How it works is simple: A user puts on noise-cancelling headphones and a VR headset. After entering the VR world the user can choose their own work environment (created in collaboration with environmental psychologists), open displays and uses the world around them as their desktop.
“Right now there are three factors that dominate the wellbeing of employees in the physical office environment: The employee’s feeling of control over the environment, the employee’s feeling of privacy and distractions,” said Didrik Steinsson, CEO at Breakroom. “VR can give the user the ultimate control over these factors.”
The company, founded in June 2014, claims to offer a cost-effective way for companies to provide their employees with a private, quiet space to focus without distractions. It is a tempting proposition for anyone working in an open plan office.
The potential big growth companies
Slush 2015 listed the top 25 growth stage startups at the event. Below are our top picks of enterprise software companies to keep an eye on.
Helsinki-based Oppex closed a $2.3m funding round, which allows it to expand its global search engine for public tenders, just in time for Slush. Its online tool aggregates tenders from around the world and enables users to search and set alerts for interesting bidding competitions. The company is not without competitors.
“Our biggest differentiator is the amount of data we have. We collect the biggest amount of data, at the moment around 1.5 million public tenders per year,” said Ville Heinonen, CEO of Oppex.
Furthermore, all tenders are automatically translated into English for ease of use. This strategy seems to be working. Since the service was launched at Slush in 2014, Oppex has reported 20% month-to-month growth on companies using the service (which it describes as “tens of thousands”) and has customers in 150 countries.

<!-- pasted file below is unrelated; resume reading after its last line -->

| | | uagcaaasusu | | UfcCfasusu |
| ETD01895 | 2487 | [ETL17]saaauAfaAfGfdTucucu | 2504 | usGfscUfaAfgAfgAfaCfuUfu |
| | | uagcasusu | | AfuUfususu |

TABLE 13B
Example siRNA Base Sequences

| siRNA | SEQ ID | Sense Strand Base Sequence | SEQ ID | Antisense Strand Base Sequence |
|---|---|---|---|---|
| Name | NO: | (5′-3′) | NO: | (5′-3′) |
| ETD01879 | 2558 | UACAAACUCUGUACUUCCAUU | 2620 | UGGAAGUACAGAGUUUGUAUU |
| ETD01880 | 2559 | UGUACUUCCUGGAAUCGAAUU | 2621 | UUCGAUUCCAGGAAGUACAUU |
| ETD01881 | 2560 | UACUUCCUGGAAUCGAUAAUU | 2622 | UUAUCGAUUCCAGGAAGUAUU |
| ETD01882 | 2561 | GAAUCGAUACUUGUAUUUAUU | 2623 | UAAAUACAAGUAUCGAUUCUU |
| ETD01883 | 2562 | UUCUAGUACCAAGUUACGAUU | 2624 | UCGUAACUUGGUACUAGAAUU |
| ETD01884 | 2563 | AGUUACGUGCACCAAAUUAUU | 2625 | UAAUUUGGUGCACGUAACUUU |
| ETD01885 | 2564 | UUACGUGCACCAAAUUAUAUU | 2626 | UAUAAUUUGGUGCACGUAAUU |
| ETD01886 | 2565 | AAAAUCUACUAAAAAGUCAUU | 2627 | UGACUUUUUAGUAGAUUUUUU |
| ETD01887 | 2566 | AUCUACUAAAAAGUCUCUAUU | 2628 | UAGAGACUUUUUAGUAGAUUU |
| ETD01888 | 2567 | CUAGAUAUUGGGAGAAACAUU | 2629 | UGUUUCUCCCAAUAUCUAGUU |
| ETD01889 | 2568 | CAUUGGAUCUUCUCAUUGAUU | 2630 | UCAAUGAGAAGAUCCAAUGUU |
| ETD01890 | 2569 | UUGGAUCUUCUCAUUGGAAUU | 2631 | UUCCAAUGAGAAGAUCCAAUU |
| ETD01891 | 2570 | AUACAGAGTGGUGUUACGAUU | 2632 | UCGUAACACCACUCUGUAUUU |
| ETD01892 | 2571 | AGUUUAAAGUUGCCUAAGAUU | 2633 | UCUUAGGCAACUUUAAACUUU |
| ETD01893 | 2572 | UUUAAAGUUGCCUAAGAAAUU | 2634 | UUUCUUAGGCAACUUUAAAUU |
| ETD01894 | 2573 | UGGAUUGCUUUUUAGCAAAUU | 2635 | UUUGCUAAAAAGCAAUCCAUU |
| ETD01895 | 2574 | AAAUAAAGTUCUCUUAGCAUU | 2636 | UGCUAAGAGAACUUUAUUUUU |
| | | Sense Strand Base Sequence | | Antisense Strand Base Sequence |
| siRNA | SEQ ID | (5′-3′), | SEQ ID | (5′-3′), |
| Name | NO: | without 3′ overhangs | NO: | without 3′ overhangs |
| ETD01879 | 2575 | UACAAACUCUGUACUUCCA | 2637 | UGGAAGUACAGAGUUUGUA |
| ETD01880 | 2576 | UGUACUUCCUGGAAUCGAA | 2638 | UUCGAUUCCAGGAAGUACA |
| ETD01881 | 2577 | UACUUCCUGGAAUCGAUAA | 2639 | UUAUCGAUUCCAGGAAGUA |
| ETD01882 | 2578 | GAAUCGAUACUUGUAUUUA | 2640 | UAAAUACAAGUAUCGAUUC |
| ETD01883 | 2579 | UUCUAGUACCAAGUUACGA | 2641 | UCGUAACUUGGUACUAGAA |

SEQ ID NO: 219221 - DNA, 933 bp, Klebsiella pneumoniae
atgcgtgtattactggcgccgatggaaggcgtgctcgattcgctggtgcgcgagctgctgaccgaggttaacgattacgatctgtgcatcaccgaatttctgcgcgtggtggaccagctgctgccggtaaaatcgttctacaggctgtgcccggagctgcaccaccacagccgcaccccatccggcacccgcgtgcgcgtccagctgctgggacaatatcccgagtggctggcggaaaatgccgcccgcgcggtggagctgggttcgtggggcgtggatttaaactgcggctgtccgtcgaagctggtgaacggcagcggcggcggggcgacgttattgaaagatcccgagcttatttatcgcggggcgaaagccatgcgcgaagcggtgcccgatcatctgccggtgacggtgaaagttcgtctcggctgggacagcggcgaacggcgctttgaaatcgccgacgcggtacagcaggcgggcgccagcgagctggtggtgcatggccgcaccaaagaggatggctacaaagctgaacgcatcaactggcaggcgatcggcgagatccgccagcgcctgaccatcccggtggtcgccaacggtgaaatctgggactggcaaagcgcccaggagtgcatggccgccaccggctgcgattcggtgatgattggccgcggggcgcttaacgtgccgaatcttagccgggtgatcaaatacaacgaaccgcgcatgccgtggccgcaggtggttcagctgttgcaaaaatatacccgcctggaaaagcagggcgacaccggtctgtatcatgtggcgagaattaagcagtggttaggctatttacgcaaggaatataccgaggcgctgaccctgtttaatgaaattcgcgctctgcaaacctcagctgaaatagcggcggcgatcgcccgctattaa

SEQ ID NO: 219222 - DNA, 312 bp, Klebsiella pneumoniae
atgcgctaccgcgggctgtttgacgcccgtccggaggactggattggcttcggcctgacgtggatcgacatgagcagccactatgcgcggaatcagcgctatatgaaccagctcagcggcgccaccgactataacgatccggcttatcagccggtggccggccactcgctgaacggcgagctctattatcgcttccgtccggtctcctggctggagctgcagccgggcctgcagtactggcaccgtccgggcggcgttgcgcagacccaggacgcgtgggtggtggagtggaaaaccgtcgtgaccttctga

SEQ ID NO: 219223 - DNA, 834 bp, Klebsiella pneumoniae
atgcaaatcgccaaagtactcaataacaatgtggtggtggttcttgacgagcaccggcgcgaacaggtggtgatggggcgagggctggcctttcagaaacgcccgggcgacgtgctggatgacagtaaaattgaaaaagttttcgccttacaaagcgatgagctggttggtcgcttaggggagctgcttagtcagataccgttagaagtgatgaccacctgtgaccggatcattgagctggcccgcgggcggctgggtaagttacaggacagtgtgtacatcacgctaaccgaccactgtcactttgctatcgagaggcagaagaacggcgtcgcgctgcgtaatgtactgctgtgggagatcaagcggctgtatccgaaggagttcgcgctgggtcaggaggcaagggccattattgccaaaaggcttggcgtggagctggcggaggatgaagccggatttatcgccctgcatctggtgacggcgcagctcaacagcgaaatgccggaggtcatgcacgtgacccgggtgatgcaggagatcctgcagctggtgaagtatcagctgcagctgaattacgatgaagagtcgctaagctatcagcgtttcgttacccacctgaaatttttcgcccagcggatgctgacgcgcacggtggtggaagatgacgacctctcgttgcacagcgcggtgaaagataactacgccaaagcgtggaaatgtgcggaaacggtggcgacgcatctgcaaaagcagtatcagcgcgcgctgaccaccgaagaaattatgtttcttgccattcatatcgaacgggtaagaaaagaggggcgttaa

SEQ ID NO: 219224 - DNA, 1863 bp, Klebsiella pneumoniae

Norwegian startup Xeneta is another company leveraging big data. It aggregates crowdsourced contracts in the ocean freight industry and transforms them into real-time price data. Anyone who ships containers can use the platform to see how their contracts compare to the wider market and make changes where necessary.
Xeneta is a rare startup in that it can claim to have no direct competitors – at least to its knowledge. Since the company was founded in 2012, it has raised $8m in funding and has around 600 corporate customers, primarily from the US, UK and the Nordics. Ocean freight is only the first step for the company, as it is aiming to go on to air, rail and road shipments.
Our last pick is another Finnish enterprise software company, TrademarkNow. Its cloud-based platform is used by enterprises, law firms and branding agencies for trademark search, monitoring and analysis.
An analysis tool assesses the risk of new names or brands in relation to existing trademarks, while its NameWatch tool helps enterprises detect any potential trademark infringements.
TrademarkNow takes on traditional trademark databases and law firm services by bringing automation into trademark management. It is easy to see the appeal of its claim that a full trademark search takes only 15 seconds when the more traditional route can take days.
Since closing a $3.5m funding round in May 2014, the company has opened an office in the US and grown its customer base by 575% to include companies such as Google, VMware and Hard Rock Cafe International.
Read more about the Nordic startup scene
- Finland’s Slush startup event is one of the biggest in the world and 2015 was its biggest ever.
- Startup support network Tech London Advocates is launching a sister organisation covering the Nordic and Baltic countries.
- Consumer-focused technology is just the tip of the iceberg in the Nordics, with some of the most exciting startups in the enterprise sector.
- Nordic bank is the latest finance firm to turn to startups for digital innovation.